University of Maastricht
January 17, 2014
Phasing Out Copyright
Prof. Martin Senftleben
VU University Amsterdam
Bird & Bird, The Hague
Contents
• rationale
• available room to manoeuvre
• flexibility under the three-step test
• embargo periods
• opting out
• field of application
Rationale
Copyright law: an inspiration system
public domain of cultural expression
(cultural heritage)
70 years post mortem auctoris?
• economic concerns: obstacle to follow-on
innovation (creation and distribution)
• solidarity argument: more freedom of speech
work 1
work 2
Room to manoeuvre
50 years post mortem auctoris?
• international minimum standard
(Berne Convention)
– even this term too long in many cases
– need to differentiate between work categories
(newspaper articles on the one hand,
contemporary art music on the other hand)
• revision of international framework unlikely
• anyway: standardized term questionable
Instead: broader limitation of rights
‘It shall be a matter for legislation in the countries
of the Union to permit the reproduction of [literary
and artistic] works in certain special cases,
provided that such reproduction does not conflict
with a normal exploitation of the work and does
not unreasonably prejudice the legitimate interests
of the author.’ (Art. 9(2) BC)
= international three-step test
Family picture
Article 9(2) BC
Article 13 TRIPS
Article 10 WCT
Agreed Statement Art. 10 WCT
‘It is understood that the provisions of Article 10 permit
Contracting Parties to carry forward and appropriately
extend into the digital environment limitations and
exceptions in their national laws which have been
considered acceptable under the Berne Convention.’
‘Similarly, these provisions should be understood to
permit Contracting Parties to devise new exceptions
and limitations that are appropriate in the digital
network environment.’
Flexibility under the test
Test criteria
• certain special case
– specific form of use, limited number of beneficiaries
– room for considering policy justification?
• no conflict with a normal exploitation
– currently exploited and potential future markets
– room for normative considerations?
• no unreasonable prejudice to legitimate interests
– refined proportionality test
– reduction to reasonable level by providing for the
payment of equitable remuneration
Overcoming the normal
exploitation obstacle
• embargo periods
– add dynamic time element to the analysis
– limitation becomes operational only after
normal exploitation has been completed
• opt-out possibility
– copyright owner can render the limitation
inapplicable by reserving rights
– hidden formality?
Embargo periods
Title of the presentation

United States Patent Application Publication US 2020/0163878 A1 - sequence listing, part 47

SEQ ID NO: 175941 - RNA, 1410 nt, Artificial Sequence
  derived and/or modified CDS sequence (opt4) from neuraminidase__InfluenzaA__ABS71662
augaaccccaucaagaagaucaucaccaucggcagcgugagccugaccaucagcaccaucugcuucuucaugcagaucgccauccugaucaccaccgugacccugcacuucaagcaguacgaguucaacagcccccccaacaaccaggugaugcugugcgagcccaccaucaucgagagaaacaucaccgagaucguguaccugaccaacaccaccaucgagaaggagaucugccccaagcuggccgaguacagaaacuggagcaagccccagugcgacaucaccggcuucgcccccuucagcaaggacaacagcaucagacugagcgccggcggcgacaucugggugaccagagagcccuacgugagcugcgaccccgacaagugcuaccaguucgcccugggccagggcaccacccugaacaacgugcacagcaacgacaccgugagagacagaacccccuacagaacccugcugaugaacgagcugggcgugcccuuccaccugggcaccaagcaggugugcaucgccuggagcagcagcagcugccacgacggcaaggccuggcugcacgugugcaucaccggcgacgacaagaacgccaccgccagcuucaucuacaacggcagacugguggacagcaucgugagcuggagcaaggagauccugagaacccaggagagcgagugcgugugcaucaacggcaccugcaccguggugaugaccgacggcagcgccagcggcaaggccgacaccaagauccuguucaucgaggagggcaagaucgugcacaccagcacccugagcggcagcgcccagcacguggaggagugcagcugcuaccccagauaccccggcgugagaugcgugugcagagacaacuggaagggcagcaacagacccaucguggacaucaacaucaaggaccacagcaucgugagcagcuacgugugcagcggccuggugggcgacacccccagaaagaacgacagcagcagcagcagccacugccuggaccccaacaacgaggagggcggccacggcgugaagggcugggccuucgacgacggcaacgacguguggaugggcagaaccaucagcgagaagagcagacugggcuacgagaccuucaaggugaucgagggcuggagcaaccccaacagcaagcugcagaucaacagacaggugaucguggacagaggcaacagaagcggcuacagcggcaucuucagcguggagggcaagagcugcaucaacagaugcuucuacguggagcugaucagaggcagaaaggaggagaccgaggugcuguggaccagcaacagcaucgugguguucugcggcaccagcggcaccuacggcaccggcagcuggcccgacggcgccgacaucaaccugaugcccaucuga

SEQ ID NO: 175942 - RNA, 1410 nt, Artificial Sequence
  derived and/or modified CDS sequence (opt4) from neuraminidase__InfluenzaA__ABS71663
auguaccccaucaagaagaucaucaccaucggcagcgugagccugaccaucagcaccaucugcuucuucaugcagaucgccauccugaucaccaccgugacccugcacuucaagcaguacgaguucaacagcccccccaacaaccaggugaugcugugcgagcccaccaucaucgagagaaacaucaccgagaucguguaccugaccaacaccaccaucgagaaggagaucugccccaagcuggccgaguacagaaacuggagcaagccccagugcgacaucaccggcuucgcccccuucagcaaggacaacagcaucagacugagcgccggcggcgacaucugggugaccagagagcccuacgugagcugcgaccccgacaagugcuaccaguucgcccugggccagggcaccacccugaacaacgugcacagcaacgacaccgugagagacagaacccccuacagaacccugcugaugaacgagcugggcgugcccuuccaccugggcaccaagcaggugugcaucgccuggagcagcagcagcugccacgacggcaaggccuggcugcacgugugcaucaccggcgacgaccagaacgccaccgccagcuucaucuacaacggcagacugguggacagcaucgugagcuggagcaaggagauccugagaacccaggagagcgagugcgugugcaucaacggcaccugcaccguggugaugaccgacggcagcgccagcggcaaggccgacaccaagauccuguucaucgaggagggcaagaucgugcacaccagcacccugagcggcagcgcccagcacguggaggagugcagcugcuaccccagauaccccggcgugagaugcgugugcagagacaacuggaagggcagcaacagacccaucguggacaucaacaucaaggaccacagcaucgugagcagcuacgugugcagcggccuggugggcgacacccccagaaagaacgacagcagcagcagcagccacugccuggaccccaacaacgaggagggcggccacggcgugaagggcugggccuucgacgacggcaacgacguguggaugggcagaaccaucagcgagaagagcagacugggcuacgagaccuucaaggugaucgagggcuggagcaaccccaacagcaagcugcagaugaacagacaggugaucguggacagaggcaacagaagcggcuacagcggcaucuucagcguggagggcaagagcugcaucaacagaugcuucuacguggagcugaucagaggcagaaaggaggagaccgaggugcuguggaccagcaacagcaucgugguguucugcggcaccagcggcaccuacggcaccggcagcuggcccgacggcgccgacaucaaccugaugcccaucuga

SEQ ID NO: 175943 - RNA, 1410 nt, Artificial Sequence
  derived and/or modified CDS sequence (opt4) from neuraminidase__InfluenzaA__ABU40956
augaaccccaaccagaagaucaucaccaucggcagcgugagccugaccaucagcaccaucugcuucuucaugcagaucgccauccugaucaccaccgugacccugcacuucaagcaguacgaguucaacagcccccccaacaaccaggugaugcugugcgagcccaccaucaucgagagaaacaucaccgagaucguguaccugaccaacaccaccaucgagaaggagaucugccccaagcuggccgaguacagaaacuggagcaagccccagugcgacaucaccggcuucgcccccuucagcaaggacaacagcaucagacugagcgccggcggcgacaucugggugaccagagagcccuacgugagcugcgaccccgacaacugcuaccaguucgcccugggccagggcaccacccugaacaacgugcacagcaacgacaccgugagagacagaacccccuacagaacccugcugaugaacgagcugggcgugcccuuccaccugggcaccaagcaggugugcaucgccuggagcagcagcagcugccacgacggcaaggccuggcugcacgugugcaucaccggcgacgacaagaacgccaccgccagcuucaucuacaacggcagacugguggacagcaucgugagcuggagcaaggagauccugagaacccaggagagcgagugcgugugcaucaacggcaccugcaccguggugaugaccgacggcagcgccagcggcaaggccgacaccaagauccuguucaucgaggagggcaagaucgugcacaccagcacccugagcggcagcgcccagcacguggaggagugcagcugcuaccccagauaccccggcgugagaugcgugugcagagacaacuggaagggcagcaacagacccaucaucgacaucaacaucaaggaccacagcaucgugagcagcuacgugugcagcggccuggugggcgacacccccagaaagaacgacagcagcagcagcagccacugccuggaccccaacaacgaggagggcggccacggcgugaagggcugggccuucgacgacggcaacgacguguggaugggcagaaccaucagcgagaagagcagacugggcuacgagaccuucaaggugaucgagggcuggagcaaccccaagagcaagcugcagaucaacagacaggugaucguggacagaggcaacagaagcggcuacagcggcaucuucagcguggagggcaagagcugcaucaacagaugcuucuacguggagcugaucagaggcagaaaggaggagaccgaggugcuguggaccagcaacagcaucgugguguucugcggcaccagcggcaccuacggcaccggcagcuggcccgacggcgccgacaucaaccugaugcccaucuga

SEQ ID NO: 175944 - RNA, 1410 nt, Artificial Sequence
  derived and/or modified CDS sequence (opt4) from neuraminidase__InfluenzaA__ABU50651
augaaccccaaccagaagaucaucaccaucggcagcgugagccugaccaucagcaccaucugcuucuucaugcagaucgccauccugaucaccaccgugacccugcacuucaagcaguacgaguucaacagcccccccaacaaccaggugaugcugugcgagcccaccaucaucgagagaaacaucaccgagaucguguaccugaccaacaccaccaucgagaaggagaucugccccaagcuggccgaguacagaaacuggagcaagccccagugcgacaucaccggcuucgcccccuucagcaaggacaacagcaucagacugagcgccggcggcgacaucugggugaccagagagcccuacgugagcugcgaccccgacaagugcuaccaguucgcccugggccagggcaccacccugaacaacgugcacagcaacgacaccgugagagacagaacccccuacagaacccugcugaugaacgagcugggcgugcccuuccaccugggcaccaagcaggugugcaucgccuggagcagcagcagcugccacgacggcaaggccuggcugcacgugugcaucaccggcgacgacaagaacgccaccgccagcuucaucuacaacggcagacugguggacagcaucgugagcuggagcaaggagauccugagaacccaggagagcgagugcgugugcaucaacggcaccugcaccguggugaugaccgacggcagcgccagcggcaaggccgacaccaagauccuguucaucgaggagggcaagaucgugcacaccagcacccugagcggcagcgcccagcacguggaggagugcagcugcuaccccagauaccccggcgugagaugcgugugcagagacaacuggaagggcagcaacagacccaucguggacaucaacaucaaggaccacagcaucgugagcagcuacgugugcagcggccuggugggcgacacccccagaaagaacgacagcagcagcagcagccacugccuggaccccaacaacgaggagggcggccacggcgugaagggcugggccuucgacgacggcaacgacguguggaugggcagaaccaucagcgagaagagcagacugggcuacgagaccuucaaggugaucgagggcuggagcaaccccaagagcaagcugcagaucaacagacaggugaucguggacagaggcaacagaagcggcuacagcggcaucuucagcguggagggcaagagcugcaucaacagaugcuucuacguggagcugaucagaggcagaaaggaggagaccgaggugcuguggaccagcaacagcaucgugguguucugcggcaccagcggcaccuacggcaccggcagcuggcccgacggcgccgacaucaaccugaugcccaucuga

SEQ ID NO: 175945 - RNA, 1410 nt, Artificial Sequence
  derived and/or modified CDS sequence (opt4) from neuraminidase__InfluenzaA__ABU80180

Orphan Works Directive as a prototype
• use privileges for several cultural heritage
institutions (Art. 1(1))
• exemption of digitization, indexing and
making available on the Internet (Art. 6)
• provided that diligent search has been
carried out (Art. 3)
• fair compensation for copyright owners
putting an end to orphan work status
(Arts. 5 and 6(5))
No conflict with a normal exploitation?
makes work
generally available
on the Internet
nonetheless
permissible because
normal exploitation
has been completed
Normal exploitation test
dynamic as well?
• no conflict with a normal exploitation
– currently exploited and potential future markets
– room for normative considerations?
• re-exploitation in the framework of
digitization projects
• automatically becoming part of a ‘normal
exploitation’?
Opt-out possibility
Berne provision as a prototype
‘It shall be a matter for legislation in the countries of
the Union to permit the reproduction by the press,
the broadcasting or the communication to the public
by wire of articles published in newspapers or
periodicals on current economic, political or
religious topics, and of broadcast works of the
same character, in cases in which the reproduction,
broadcasting or such communication thereof is not
expressly reserved.’ (Art. 10bis(1) BC)
= opt-out model
No conflict with a normal exploitation?
impacts the core
business of news
providers
nonetheless
permissible because
of opt-out feature
Prohibited formality?
‘The enjoyment and the exercise of these rights
shall not be subject to any formality; such
enjoyment and such exercise shall be independent
of the existence of protection in the country of
origin of the work.’ (Art. 5(2) BC)
• enjoyment = coming into being
• exercise = enforcement of rights
Scope of the Prohibition
external conditions
covered
internal conditions
NOT covered
affecting protection
‘as such’
extent, quality,
contents of protection
Field of application
Phasing out copyright?
• not completely, long term remains as is
• but phase-out in ‘certain special cases’
• may lead to much more flexible system of
copyright limitations
– opt-out during normal exploitation period
– cutting back the right to prohibit use after
completion of the normal exploitation
– payment of equitable remuneration as an
additional flexibility tool
The end. Thank you!
For further reading, see paper available at
http://ssrn.com/abstract=2331688.
contact: [email protected]
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Maastricht 2014 - Phasing-Out Copyright - VU